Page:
Have you ever imagined how you might react if your teenage daughter came home and exclaimed, “I got my ears pierced today so I could wear my new earrings.” Then, pulling back her hair, she might ask, “Do you like ’em?” You take a look and are dumbstruck because hanging from her earlobes are two tiny replicas in solid gold of an electric chair! Imagine!

Suppose the same daughter came home, pulled back her hair and showed you two tiny gold crosses. Now, that’s a different story, isn’t it? It’s funny what God can do with a detestable instrument of punishment and torture. He took that rough Roman cross and turned it into the world’s ultimate plus sign! Today it is part of the jewelry collection of every well-dressed woman and more than a few men.

It’s funny the way God has with doing such things. Here’s another one: Have you ever thought the message we preach is really dumb dynamite? That is exactly what Paul called it when he wrote to the erudite Corinthians. “The message of the cross is foolishness to those who are perishing, but to us who are being saved it is the power of God” (1 Cor. 1:18).

Our message has as its central theme the cross of Jesus Christ, and when people hear it preached in Holy Spirit power, it produces opposite reactions. Unbelievers call it silly, foolish, dumb! Paul used the Greek mohria, meaning “pure stupidity!” Against that pure stupidity, Paul went on, there is yet another reaction, which he described as power. Look closely at the Greek, and you realize this is not just any power. This power is dunamis, that ancient Greek word from which we derive our English words dynamic and dynamite.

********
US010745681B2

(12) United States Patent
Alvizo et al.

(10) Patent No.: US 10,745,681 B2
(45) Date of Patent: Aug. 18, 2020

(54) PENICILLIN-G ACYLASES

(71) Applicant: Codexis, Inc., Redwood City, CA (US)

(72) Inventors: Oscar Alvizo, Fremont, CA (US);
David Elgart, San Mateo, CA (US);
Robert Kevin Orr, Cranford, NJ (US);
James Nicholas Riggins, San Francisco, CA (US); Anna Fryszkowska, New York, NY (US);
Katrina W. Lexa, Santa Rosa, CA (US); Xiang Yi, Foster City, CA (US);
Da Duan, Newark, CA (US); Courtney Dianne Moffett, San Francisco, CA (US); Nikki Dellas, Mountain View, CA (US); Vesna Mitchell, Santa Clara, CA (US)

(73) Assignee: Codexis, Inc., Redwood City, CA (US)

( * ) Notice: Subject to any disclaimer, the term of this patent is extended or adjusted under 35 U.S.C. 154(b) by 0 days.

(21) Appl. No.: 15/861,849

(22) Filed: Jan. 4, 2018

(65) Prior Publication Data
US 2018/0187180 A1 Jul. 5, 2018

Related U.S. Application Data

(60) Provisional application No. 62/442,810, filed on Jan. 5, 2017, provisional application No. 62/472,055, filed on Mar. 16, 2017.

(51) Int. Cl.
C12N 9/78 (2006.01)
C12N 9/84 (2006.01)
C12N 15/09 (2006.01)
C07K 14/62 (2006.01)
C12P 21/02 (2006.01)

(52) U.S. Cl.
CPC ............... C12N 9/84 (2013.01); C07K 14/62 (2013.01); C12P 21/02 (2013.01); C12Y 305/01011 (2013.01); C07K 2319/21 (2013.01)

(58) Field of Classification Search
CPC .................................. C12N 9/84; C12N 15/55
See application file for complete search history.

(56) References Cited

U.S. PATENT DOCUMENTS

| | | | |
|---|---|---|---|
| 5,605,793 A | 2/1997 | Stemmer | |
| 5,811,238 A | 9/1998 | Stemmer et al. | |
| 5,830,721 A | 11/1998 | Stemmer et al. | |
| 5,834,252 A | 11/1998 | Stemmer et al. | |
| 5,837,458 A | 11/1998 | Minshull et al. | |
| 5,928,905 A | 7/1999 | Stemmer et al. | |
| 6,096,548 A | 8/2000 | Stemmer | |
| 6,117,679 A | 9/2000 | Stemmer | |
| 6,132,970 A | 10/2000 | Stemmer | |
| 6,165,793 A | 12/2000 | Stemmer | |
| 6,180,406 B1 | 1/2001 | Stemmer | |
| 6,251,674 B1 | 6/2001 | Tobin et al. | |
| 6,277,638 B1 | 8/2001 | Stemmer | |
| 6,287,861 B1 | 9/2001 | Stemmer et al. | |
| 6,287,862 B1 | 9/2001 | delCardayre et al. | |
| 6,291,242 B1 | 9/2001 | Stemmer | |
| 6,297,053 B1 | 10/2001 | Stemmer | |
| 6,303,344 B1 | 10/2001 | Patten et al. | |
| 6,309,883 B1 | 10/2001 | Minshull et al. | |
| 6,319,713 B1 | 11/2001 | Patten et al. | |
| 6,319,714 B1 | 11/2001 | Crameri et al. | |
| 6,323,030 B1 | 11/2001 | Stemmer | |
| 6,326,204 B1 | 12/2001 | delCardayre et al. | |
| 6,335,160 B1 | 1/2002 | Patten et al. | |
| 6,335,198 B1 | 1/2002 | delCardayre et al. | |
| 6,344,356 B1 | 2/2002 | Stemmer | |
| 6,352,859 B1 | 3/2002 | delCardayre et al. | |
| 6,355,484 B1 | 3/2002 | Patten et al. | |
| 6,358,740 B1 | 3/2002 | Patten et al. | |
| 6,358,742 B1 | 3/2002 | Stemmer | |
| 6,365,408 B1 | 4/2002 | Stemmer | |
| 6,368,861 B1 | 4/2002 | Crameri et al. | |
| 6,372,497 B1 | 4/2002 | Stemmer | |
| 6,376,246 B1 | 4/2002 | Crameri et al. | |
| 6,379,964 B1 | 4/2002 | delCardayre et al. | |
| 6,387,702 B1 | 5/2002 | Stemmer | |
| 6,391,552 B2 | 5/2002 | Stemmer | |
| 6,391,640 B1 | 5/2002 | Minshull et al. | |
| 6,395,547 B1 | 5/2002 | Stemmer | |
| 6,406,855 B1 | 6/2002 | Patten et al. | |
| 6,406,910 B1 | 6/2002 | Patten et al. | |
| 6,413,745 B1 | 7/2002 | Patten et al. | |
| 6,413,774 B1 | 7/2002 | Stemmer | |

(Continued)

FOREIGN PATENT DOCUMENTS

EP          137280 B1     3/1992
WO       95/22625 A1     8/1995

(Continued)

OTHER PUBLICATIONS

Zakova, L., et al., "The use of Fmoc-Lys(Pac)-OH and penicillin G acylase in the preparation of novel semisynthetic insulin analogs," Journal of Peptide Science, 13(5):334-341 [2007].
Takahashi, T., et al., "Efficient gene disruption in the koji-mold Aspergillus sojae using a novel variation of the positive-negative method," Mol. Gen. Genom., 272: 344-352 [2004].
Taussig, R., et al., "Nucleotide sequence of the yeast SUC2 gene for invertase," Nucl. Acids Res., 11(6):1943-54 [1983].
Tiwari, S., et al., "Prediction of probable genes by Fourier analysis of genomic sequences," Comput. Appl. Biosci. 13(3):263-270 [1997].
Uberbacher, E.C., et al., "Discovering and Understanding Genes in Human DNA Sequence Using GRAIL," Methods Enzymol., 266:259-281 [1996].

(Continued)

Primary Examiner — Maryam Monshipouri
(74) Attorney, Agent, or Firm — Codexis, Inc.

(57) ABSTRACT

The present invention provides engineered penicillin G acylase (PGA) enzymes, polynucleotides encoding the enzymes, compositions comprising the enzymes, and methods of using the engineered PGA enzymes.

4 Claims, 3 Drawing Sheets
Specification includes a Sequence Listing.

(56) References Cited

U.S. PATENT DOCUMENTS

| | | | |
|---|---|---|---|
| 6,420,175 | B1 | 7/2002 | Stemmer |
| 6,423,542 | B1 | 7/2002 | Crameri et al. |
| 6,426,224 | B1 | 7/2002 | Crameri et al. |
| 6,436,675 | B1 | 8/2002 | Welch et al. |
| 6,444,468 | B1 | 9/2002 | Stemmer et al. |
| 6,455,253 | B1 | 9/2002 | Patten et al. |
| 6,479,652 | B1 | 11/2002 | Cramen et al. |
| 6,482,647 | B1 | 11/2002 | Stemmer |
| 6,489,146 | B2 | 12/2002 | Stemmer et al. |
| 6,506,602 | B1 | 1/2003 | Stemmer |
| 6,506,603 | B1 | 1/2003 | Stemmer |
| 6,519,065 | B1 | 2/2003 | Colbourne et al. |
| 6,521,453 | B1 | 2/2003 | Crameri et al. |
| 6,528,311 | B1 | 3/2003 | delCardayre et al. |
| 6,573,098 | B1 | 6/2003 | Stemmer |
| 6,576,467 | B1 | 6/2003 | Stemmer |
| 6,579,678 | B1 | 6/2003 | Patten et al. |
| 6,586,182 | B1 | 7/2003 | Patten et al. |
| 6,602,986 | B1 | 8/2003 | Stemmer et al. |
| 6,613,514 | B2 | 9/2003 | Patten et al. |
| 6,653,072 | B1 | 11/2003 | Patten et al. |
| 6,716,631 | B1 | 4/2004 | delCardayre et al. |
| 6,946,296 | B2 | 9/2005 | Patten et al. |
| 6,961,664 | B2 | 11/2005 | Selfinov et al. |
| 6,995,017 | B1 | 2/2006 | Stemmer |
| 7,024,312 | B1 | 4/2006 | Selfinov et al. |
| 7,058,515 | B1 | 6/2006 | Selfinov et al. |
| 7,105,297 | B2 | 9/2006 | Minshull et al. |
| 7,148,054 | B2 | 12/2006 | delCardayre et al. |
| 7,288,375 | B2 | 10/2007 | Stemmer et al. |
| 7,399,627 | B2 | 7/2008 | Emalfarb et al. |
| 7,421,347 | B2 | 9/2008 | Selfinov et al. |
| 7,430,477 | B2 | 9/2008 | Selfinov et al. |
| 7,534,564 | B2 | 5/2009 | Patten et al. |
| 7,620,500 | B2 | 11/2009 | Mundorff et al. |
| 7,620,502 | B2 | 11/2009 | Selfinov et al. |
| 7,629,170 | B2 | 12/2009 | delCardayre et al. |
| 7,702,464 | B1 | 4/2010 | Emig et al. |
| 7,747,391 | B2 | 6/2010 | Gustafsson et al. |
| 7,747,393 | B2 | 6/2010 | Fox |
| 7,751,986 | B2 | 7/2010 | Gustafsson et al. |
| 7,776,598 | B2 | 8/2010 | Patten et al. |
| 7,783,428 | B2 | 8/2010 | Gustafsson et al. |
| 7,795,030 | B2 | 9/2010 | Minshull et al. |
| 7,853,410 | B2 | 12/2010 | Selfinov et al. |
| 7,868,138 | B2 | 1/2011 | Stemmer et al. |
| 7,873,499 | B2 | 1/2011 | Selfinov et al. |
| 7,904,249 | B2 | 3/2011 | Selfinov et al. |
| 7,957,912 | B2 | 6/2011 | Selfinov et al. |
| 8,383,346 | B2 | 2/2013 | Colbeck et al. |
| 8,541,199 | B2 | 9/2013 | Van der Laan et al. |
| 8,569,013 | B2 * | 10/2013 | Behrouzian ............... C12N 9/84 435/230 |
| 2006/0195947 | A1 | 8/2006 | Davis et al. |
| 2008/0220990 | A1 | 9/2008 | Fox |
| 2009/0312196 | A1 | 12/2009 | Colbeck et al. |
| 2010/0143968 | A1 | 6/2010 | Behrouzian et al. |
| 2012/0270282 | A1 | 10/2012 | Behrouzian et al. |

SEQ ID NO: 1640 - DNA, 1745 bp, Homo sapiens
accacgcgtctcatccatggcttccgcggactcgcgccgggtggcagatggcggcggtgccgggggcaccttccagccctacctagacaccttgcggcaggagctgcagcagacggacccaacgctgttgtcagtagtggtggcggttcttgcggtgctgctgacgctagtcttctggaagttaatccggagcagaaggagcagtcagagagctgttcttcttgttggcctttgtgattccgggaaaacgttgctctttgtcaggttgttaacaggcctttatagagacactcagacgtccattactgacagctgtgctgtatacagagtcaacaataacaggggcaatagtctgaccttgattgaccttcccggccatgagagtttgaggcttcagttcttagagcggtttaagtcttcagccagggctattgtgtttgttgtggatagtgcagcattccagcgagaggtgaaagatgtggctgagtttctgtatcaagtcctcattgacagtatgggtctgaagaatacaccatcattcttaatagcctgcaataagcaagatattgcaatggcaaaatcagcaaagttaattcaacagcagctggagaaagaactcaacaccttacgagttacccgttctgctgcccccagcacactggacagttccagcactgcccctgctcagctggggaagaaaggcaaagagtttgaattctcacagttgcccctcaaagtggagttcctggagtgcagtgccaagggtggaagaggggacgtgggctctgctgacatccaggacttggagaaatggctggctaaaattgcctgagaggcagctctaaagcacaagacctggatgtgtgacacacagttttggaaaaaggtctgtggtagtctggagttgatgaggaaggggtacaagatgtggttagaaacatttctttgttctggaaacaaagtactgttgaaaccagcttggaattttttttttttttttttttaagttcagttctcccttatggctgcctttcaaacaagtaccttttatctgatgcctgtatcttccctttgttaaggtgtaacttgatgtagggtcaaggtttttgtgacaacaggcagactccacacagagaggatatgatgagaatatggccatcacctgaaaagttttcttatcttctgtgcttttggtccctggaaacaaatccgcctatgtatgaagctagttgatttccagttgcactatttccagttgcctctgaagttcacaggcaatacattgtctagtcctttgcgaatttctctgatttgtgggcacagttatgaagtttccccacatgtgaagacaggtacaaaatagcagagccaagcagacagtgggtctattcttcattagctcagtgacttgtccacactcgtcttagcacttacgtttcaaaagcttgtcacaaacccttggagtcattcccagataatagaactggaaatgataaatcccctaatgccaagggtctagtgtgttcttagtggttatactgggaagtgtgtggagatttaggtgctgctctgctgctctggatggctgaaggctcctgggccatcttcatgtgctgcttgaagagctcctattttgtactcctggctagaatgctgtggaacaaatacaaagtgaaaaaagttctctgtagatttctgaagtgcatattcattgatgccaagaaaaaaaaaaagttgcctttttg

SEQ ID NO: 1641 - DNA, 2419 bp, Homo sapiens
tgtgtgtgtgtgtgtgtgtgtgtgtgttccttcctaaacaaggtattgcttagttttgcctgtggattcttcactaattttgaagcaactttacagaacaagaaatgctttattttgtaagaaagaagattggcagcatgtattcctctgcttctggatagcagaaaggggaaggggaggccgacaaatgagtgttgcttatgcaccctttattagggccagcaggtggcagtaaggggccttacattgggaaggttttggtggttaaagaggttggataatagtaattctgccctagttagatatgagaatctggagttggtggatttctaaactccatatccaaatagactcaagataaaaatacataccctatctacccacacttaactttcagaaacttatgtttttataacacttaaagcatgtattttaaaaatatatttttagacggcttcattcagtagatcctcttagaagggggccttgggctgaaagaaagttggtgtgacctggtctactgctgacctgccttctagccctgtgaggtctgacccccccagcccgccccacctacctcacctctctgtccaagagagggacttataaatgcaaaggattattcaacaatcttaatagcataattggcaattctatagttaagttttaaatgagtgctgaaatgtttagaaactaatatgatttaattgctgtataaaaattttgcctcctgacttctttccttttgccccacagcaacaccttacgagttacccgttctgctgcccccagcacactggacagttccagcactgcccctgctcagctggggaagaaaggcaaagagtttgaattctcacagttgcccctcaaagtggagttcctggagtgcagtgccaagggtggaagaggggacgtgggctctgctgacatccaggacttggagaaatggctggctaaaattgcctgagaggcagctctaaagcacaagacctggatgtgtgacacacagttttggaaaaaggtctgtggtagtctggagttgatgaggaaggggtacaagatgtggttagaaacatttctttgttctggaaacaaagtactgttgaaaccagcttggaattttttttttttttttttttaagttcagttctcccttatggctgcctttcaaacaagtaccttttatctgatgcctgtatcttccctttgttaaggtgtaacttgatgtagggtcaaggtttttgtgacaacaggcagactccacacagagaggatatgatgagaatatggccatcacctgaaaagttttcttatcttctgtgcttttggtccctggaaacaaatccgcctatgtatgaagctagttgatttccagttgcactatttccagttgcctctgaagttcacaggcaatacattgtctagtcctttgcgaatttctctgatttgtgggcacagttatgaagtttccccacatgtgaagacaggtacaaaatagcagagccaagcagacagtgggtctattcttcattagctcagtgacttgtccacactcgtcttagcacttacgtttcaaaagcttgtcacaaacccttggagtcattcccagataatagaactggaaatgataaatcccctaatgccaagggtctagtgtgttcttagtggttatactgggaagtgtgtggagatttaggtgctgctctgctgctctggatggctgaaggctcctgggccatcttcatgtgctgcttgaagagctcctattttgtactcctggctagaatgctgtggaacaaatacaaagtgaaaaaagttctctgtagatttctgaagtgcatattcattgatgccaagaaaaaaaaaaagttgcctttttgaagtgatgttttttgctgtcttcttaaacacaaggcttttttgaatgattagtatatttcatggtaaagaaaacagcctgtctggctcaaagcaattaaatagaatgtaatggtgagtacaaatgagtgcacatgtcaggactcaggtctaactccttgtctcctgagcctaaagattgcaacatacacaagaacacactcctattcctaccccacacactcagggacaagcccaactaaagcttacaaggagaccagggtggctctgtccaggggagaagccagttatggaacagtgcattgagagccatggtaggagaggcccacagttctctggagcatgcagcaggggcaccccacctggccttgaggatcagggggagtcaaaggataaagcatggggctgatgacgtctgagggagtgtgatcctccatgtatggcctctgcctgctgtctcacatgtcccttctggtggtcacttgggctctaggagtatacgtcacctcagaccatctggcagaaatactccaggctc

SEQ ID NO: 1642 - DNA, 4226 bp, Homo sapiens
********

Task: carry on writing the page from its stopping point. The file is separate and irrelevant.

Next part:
God has taken old Rome’s most despised instrument of torture and turned it into something precious. For the age in which the first generation of preachers served, the cross was a horrible symbol, one that made most people shudder. It was an instrument of shame. The writer of Hebrews reminds us that “For the joy set before Him Jesus endured” that shameful instrument, the wickedest instrument Rome’s cruel leaders could imagine. “Scorning its shame,” He “sat down at the right hand of the throne of God” (see Heb. 12:2).

On a recent teaching trip to Novi Sad, Serbia, I spotted a church steeple with a spire that bore—on one axis—a Christian cross and Islamic star and crescent moon. I was so stunned that I took a picture of it right then and there. Wouldn’t it be an amazing thing to visit a major American city and see an electric chair atop a church steeple! You say, “That makes no sense! Those two symbols do not belong together!”

That is exactly my point: The Christian cross is notable not only because the Son of God died on it and paid the penalty that was our just due, but because God turned that fundamental instrument of conflict into something beautiful in which we find our glory. What an amazing God we serve! What an amazing Savior we are called to preach!

Every time we confront people with the cross and its roots and meaning, they are unable to escape the fact that either they are committed to a life of foolish lostness or a life of dynamic power. It’s a stark contrast—more so than that of a crescent star and Calvary cross on the same church steeple axis. This is what Paul meant when he pointed to the judgment the cross makes on every human life.

When we preach that the finest Man who ever lived took our place on the cross, we’re going to see one of two reactions: either arrogant scorn or grateful humility. That is why we must preach it clearly every time we stand to speak. It is why Charles Haddon Spurgeon told his students, “When you mount your pulpit and read your text, jump across the ditches, climb over the hedges, run through the wheat fields until you bring your hearers face-to-face with the cross of the Savior!”

It’s still good advice: Dumb dynamite or not, it’s the only message worth preaching!

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